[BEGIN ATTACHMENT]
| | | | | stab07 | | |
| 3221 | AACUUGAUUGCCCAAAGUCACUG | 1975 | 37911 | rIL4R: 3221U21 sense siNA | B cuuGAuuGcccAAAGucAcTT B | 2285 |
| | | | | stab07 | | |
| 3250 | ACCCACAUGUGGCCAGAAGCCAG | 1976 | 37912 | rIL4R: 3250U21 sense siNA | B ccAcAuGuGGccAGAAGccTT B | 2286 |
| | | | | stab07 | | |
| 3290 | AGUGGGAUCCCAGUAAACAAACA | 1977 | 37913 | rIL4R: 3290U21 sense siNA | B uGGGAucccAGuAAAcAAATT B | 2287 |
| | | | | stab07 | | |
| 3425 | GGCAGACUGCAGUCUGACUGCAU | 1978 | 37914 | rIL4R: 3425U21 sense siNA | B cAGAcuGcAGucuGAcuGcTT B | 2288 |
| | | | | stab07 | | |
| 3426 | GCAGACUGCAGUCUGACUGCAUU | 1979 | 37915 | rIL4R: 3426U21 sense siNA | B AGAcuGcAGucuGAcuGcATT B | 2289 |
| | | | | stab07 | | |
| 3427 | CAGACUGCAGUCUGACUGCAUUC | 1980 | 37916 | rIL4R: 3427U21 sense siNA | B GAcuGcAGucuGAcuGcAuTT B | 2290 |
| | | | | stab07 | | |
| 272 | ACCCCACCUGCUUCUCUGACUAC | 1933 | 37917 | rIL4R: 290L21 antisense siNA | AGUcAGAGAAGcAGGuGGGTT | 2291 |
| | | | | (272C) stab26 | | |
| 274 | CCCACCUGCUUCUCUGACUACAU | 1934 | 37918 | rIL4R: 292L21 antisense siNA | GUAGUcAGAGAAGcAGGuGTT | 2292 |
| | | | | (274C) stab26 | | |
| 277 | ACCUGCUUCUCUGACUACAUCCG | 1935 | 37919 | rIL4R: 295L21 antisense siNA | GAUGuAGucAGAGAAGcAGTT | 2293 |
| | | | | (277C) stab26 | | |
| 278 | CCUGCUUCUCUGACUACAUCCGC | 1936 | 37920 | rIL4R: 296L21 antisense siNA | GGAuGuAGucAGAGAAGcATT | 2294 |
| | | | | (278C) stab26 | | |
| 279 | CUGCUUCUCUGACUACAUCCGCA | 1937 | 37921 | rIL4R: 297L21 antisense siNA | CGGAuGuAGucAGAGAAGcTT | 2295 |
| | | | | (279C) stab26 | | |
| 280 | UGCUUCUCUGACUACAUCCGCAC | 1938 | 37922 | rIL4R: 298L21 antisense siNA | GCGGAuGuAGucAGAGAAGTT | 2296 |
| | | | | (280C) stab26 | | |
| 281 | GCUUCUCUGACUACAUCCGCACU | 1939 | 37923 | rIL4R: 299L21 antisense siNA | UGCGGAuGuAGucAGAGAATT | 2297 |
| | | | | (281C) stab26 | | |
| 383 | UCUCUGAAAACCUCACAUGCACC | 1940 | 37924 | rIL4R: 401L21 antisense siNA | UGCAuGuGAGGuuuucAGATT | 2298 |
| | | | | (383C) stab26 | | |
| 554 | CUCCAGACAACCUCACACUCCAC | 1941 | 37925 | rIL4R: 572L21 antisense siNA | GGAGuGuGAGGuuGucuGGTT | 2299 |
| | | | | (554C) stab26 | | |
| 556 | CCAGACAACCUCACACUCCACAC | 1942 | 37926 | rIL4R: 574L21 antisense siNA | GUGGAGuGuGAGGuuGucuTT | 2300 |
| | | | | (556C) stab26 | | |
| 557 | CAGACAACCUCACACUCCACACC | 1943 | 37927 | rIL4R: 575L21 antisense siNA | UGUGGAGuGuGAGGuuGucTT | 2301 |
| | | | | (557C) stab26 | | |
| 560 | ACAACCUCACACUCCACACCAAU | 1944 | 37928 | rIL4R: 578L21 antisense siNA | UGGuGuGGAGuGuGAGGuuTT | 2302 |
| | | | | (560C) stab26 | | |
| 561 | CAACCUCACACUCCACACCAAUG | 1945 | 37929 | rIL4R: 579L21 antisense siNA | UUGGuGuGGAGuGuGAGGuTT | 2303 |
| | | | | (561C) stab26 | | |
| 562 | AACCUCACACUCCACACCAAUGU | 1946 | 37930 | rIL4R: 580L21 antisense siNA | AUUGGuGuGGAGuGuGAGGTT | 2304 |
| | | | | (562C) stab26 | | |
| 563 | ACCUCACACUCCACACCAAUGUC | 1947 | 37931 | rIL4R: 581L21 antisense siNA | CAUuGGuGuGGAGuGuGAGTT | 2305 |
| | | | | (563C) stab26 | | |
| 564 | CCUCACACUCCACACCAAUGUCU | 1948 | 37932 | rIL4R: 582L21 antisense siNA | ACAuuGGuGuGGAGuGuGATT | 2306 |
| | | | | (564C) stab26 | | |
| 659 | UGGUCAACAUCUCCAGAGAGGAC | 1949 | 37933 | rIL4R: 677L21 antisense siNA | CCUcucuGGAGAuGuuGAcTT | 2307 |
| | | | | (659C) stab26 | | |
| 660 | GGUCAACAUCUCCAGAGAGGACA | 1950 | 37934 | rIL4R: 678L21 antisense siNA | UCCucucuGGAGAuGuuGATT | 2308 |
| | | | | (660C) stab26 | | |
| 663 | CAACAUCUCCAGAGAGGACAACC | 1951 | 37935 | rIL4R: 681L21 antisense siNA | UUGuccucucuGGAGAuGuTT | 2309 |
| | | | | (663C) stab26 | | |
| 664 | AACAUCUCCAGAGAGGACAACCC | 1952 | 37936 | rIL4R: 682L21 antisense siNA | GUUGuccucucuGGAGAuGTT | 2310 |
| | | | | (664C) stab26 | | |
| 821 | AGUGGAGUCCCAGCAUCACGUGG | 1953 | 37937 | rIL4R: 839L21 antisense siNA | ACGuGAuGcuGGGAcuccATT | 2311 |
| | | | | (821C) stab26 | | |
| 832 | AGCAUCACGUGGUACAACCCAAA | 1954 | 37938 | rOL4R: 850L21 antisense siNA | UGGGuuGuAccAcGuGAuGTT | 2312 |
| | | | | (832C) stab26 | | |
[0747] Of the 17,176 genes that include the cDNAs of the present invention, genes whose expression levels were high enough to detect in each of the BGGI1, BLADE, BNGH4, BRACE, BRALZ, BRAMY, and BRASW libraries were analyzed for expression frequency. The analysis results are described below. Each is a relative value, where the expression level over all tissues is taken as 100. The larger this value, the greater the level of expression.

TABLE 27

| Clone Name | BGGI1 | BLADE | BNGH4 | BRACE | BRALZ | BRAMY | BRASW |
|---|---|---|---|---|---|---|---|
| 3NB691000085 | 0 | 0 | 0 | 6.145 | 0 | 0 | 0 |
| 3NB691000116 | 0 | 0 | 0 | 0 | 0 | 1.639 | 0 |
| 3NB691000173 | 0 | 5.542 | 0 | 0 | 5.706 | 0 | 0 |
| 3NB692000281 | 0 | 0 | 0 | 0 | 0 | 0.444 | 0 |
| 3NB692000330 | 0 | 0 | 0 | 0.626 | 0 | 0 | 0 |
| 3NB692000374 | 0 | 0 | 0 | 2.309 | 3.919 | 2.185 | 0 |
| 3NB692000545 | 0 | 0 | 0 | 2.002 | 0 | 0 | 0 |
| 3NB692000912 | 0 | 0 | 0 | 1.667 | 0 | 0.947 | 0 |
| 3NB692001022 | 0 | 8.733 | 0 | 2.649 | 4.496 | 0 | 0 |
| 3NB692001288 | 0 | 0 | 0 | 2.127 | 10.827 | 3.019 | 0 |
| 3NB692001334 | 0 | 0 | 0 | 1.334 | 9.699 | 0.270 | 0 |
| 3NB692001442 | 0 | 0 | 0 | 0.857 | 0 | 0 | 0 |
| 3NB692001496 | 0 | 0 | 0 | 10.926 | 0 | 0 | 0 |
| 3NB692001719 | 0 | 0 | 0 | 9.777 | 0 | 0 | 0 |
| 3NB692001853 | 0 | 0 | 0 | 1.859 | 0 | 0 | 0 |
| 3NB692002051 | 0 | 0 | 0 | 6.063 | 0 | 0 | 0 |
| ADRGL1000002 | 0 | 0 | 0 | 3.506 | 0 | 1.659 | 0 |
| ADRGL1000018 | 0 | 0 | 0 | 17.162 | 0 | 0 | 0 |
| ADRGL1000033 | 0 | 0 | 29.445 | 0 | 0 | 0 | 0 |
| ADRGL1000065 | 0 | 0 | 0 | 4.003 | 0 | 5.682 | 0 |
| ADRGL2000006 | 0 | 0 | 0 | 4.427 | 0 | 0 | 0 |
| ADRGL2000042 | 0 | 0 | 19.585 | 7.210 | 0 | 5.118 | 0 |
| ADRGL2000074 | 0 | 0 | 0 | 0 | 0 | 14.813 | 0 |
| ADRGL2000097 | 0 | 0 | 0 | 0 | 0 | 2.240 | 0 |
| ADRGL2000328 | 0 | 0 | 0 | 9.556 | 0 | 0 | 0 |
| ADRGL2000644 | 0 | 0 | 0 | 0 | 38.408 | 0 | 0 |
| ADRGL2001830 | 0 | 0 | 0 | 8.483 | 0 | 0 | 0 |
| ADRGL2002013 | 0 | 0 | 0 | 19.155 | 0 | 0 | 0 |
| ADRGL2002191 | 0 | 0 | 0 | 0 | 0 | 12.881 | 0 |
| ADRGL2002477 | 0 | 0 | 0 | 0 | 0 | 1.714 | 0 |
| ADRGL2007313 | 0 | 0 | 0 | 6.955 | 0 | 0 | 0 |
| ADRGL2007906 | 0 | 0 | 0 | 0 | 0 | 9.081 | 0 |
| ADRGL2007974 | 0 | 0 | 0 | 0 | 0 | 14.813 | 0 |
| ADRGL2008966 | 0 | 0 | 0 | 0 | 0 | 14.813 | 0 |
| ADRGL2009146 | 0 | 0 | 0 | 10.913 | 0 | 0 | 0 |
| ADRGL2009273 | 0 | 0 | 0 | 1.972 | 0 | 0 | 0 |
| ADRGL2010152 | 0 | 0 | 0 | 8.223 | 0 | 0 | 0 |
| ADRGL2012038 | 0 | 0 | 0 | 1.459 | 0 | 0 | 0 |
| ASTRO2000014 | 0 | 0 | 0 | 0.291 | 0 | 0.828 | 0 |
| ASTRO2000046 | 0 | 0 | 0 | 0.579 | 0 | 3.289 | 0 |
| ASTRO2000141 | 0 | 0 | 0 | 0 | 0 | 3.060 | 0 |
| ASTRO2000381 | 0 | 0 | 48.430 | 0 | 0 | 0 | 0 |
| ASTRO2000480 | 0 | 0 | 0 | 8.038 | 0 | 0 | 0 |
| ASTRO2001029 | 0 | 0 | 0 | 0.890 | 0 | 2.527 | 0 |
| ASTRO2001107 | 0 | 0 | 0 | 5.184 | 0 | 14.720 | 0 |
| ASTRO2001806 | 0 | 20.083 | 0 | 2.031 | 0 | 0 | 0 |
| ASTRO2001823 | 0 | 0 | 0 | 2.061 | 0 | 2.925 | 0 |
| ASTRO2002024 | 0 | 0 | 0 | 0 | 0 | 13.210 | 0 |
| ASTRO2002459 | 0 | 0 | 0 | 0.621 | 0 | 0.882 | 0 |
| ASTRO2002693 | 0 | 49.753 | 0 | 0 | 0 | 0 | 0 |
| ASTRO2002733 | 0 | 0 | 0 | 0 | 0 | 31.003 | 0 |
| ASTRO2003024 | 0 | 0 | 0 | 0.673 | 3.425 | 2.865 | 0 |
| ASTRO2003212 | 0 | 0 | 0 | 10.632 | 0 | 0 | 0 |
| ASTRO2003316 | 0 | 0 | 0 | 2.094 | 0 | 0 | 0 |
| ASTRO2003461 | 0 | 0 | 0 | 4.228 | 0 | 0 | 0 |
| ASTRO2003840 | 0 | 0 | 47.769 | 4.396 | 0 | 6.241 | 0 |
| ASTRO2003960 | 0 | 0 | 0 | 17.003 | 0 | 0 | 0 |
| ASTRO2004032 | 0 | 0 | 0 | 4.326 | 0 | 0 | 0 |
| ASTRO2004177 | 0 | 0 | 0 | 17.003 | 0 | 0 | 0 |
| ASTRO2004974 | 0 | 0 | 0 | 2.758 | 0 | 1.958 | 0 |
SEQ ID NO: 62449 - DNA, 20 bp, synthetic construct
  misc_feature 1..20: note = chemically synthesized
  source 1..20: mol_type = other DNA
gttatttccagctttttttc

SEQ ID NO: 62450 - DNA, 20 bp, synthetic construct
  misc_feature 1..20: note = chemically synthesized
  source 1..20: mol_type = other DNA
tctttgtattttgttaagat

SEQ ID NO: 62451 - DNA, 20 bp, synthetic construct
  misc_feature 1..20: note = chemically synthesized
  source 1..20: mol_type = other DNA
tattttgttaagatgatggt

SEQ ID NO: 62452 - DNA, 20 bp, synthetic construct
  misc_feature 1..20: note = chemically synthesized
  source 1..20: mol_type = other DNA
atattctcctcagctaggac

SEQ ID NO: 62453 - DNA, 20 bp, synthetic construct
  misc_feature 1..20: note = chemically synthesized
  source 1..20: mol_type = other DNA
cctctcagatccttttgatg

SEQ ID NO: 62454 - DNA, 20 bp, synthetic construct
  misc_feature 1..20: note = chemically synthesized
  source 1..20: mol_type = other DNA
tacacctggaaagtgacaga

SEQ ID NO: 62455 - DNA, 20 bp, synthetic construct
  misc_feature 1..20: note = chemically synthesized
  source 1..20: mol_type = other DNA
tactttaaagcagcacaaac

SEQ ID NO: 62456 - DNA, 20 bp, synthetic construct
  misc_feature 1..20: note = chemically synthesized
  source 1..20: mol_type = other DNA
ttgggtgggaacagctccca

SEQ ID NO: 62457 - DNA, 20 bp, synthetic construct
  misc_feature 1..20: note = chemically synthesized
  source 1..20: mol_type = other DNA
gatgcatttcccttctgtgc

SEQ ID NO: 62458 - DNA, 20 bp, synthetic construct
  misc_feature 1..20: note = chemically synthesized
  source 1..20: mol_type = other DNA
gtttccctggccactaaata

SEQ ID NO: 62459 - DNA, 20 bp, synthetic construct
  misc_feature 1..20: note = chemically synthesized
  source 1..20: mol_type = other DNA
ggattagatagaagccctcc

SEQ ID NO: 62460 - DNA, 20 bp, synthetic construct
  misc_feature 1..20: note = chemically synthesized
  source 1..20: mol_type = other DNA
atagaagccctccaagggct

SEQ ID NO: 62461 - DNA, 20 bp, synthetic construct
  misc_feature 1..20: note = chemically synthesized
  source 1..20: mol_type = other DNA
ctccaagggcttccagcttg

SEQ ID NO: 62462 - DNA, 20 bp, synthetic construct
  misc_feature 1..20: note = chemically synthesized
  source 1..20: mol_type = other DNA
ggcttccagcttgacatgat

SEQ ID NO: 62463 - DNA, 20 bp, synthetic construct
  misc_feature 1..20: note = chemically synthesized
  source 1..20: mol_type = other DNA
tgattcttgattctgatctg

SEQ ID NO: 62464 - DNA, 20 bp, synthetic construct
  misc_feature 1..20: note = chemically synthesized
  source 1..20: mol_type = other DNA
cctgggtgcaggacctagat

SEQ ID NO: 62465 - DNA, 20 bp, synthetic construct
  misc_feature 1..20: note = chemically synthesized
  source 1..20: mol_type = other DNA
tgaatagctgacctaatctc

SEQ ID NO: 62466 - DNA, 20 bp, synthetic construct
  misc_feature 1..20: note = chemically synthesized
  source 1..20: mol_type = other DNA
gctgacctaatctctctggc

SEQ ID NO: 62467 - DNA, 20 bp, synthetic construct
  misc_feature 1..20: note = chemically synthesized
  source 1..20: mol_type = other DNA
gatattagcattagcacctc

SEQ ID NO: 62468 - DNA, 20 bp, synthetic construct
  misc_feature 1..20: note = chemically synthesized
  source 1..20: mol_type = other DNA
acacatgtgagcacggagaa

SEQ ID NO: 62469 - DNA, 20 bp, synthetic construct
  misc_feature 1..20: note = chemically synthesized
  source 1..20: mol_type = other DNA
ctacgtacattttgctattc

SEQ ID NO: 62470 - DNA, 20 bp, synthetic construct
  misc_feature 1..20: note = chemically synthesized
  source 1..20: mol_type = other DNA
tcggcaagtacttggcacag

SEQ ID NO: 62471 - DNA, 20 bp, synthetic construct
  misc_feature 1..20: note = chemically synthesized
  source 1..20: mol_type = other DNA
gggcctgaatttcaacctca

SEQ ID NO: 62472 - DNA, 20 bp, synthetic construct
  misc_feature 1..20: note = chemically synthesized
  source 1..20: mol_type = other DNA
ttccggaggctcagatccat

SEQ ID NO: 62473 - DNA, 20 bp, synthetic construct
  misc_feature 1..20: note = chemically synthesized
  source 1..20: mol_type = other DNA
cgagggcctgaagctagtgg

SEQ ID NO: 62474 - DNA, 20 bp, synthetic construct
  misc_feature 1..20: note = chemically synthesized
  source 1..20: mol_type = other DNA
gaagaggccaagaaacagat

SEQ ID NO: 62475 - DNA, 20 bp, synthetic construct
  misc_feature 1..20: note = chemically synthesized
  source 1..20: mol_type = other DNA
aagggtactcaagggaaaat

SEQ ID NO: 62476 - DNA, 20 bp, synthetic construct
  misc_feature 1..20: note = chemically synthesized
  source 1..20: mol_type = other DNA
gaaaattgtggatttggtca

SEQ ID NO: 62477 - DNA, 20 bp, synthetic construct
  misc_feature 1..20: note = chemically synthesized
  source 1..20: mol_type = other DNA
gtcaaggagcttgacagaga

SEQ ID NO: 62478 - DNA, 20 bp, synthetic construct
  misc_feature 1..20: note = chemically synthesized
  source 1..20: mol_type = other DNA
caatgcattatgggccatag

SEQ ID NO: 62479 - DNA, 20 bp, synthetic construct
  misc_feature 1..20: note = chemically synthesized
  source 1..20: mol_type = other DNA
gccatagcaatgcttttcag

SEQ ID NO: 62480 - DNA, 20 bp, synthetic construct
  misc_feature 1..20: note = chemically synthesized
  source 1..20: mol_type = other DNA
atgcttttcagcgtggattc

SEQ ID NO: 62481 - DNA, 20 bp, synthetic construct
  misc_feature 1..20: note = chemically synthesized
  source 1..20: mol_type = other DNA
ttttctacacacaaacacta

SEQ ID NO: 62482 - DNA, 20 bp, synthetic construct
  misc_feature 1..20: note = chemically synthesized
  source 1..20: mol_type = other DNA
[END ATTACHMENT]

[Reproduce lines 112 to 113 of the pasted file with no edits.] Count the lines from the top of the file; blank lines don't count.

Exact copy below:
| ASTRO2002733 | 0 | 0 | 0 | 0 | 0 | 31.003 | 0 |
| ASTRO2003024 | 0 | 0 | 0 | 0.673 | 3.425 | 2.865 | 0 |